Brooklyn Bridge was one of his favorite landmarks to sell because he was able to convince customers that it was a great investment and that they could set up a toll booth on the bridge to start making money. New York officers then had a fairly regular job of stopping people on the bridge as they tried to stop traffic and charge drivers to cross the bridge. The police would explain that they did not own the bridge and had in fact been ripped off.
This is quite a surprising story and an extremely brutal crime they committed. Parker was eventually caught and spent the last 8 years of his life in prison, but one learning point that should really stand out in Parker's story is that the world is full of crazy niche markets. Who would have thought there was a niche business selling New York landmarks to gullible tourists!
Eduardo de Valfierno - Business is all about creating value
Argentine con man Eduardo de Valfierno was a cunning fellow. In the early 1900s, he hired an expert art forger to produce several forgeries of the Mona Lisa with the plan to sell them around the world and make huge profits. But who would be interested in buying these fake paintings and they wouldn't be worth that much anyway? That was where the second part of Valfierno's devious plan came into play. After having some very professional looking counterfeit products made, he then hired several men to steal the original painting from the Louvre in Paris. One of the museum staff accomplished this incredibly daring stunt by simply hiding the painting under a coat and walking out of the building!
In anticipation of the huge furore that would ensue once the Mona Lisa was stolen, Valfierno pre-arranged buyers and shipped his counterfeit products to secret locations around the world. This meant he was able to prevent the counterfeit products from going through customs while everyone else was on the alert. Valfierno then sold all of his counterfeits to wealthy buyers, and every buyer believed they were buying the original.
Valfierno wisely knew that the original painting was best left alone, so let the man who stole it keep it. In the end, the thief tried to sell the original and was caught. The painting was then returned to the Louvre and Valfierno escaped without a hitch, along with a serious profit!
Joaquín Guzmán - Often the simplest ideas are the best
The US Treasury Department recently described Joaquín Guzmán as the most powerful drug trafficker in the world. He has developed innovative management methods such as paying drug traffickers in lieu of cash to help them develop their own business and act like franchisees. He has noticed new emerging trends in drug demand, such as methamphetamine, and has developed cost-saving techniques, such as growing marijuana fields in the US instead of importing it. But his most impressive feat is also one of his simplest. If you want to get large quantities of drugs from Mexico to the US, what do you do? You are building a huge tunnel!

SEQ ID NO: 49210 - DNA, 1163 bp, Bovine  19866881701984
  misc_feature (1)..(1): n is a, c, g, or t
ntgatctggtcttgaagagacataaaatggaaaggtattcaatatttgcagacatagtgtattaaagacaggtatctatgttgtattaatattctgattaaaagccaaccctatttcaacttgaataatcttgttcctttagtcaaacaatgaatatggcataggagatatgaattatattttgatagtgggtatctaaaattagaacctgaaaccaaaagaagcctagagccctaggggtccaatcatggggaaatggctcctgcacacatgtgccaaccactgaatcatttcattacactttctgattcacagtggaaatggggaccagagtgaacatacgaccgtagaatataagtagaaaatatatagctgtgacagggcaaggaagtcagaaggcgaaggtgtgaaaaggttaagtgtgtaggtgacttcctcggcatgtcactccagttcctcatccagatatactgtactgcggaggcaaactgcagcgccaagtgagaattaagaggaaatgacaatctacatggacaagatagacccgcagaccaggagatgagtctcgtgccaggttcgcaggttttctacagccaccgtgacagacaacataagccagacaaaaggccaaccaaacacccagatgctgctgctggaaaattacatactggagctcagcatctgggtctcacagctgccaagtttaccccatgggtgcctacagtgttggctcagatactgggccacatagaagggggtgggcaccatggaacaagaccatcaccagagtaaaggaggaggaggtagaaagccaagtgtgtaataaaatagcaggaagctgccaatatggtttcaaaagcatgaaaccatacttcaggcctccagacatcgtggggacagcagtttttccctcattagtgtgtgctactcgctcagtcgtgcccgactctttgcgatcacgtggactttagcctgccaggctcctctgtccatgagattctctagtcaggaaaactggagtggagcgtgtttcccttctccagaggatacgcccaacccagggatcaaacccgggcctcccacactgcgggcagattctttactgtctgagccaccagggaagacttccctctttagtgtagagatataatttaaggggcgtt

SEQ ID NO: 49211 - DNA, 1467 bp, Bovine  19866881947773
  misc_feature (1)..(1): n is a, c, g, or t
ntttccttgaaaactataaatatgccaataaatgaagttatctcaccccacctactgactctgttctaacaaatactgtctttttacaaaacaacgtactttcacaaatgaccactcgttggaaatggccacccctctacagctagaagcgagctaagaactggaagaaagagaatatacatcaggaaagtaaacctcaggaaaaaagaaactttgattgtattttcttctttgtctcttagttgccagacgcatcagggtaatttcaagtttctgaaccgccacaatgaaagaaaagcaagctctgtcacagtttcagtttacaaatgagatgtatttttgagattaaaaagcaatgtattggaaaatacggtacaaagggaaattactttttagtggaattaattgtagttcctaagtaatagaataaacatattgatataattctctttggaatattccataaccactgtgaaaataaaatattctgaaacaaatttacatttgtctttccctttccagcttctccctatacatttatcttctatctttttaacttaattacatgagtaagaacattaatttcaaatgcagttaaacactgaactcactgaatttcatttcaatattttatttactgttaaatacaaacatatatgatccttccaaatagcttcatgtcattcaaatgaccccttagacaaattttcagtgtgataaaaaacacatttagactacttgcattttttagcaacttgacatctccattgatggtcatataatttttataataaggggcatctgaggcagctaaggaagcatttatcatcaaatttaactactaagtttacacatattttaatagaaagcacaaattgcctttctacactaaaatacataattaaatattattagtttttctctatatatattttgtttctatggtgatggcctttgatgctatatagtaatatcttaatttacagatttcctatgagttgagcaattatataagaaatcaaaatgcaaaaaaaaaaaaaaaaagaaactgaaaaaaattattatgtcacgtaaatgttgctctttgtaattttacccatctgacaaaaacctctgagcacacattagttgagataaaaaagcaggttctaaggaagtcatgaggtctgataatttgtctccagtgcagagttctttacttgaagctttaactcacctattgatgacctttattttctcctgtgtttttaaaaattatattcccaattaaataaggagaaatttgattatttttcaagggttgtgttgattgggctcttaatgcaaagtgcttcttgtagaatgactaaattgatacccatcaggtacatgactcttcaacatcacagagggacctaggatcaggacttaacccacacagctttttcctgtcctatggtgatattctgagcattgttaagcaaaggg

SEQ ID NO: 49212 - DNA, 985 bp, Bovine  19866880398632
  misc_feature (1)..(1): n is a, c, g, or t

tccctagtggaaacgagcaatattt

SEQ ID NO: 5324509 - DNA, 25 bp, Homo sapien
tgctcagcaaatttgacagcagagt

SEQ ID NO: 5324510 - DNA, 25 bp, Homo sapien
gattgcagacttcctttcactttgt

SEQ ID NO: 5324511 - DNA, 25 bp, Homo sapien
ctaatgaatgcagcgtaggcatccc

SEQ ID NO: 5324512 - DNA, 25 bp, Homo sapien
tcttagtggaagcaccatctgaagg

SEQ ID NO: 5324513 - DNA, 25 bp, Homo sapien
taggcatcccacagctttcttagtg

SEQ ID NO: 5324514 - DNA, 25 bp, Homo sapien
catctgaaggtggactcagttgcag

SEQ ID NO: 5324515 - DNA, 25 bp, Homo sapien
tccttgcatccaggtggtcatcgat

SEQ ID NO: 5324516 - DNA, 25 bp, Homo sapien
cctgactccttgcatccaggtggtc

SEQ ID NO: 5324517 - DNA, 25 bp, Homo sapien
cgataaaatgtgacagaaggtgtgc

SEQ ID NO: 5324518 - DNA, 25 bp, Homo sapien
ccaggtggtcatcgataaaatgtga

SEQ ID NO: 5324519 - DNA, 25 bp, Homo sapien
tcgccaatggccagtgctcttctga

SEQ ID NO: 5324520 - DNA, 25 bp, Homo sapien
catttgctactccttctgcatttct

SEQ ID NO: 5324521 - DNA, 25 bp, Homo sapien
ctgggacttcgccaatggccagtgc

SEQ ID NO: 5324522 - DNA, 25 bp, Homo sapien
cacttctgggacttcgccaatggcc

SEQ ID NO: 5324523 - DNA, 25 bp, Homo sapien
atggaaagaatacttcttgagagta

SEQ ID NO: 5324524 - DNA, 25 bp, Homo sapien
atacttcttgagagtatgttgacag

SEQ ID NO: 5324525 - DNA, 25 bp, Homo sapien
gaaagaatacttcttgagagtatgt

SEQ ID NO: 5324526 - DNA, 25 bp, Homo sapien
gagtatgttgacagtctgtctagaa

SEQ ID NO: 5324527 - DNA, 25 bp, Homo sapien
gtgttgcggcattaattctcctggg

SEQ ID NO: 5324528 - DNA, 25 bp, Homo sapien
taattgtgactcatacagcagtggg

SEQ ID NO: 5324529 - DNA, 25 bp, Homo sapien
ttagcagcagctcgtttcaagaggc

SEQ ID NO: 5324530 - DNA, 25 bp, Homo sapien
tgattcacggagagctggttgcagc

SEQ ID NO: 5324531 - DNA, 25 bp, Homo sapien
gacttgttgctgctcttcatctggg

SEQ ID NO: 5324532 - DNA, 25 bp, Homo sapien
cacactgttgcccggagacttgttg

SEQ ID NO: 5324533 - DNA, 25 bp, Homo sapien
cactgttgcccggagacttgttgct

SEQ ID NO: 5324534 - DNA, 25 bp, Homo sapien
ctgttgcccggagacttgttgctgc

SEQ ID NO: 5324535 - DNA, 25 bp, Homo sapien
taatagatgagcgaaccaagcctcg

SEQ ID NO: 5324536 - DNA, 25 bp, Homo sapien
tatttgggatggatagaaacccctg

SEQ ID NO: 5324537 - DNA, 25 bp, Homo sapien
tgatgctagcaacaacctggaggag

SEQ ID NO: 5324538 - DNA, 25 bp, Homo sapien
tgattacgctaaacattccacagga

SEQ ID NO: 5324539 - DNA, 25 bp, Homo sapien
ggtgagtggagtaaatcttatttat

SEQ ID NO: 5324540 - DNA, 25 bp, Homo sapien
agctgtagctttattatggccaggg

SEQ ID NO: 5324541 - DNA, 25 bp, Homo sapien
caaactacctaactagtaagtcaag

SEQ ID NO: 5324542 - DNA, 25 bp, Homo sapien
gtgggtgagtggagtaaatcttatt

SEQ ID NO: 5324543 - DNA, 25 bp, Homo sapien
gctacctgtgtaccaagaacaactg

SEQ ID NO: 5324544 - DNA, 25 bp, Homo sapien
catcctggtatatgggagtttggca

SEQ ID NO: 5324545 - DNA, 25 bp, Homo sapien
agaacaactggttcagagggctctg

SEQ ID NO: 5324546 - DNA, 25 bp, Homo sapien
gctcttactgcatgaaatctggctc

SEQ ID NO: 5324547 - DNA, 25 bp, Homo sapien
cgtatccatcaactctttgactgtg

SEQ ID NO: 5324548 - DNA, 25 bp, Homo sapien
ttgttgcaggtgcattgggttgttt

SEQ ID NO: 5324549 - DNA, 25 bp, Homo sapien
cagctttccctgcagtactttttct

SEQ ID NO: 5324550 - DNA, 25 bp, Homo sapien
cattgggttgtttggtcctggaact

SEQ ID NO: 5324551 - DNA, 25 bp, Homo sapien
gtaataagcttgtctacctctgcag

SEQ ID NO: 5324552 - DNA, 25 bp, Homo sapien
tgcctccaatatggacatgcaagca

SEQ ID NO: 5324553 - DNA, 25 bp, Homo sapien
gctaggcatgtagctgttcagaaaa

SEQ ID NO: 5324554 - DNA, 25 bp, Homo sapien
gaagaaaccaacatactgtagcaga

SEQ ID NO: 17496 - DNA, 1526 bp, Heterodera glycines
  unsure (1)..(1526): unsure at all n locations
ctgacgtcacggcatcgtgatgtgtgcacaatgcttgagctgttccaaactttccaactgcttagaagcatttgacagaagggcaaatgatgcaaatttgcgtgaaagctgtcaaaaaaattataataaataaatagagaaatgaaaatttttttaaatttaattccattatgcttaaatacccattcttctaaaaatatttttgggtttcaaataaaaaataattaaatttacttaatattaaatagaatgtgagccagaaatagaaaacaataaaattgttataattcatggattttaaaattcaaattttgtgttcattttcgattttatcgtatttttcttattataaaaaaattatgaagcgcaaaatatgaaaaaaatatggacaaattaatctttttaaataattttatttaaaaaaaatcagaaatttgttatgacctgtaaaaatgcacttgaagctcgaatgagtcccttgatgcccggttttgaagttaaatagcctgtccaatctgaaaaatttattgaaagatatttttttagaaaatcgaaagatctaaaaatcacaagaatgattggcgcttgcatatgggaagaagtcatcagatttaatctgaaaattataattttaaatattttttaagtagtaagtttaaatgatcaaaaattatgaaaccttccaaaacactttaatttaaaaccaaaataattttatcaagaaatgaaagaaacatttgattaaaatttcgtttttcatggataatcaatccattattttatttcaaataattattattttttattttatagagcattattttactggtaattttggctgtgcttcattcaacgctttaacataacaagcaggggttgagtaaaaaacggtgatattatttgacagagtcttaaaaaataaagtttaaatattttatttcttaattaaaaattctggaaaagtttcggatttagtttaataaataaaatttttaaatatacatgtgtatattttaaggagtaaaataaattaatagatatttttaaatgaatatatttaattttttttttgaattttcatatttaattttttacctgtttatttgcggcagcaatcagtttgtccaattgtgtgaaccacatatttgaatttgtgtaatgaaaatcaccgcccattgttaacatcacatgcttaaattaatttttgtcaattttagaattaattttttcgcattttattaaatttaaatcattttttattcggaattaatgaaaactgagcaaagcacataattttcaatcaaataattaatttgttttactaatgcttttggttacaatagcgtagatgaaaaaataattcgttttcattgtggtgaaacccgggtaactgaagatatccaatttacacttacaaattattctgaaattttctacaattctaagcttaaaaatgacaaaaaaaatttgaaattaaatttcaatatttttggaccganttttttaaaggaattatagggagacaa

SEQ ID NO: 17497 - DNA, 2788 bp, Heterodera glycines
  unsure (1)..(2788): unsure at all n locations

It is this simple idea that has driven much of Guzman's success. He hired an architect and commissioned a tunnel to be dug all the way from a hidden location in Mexico to a warehouse somewhere in the US. What a good idea. And it just goes to show that some of the simplest ideas really are the best!
Frank Lucas - Keep Costs Down
In the 1970s, Frank Lucas was an African-American hustler trying to survive in a criminal underworld dominated by the Italian-American mafia. If he were to make it as a top-class drug trafficker, he needed to be able to keep his costs down and undermine the competition.
At the time Lucas was working on his drug business, the US was waging a long and bloody war with Vietnam. A country, it so happened, where heroin could be bought much cheaper than in the US. Lucas saw an opportunity and took advantage of contacts who fought in the war to buy drugs directly from Southeast Asia and then smuggle them back to the US. Lucas even claims to have used the coffins of dead soldiers as a gruesome yet ingenious way to smuggle his supplies into the US undetected.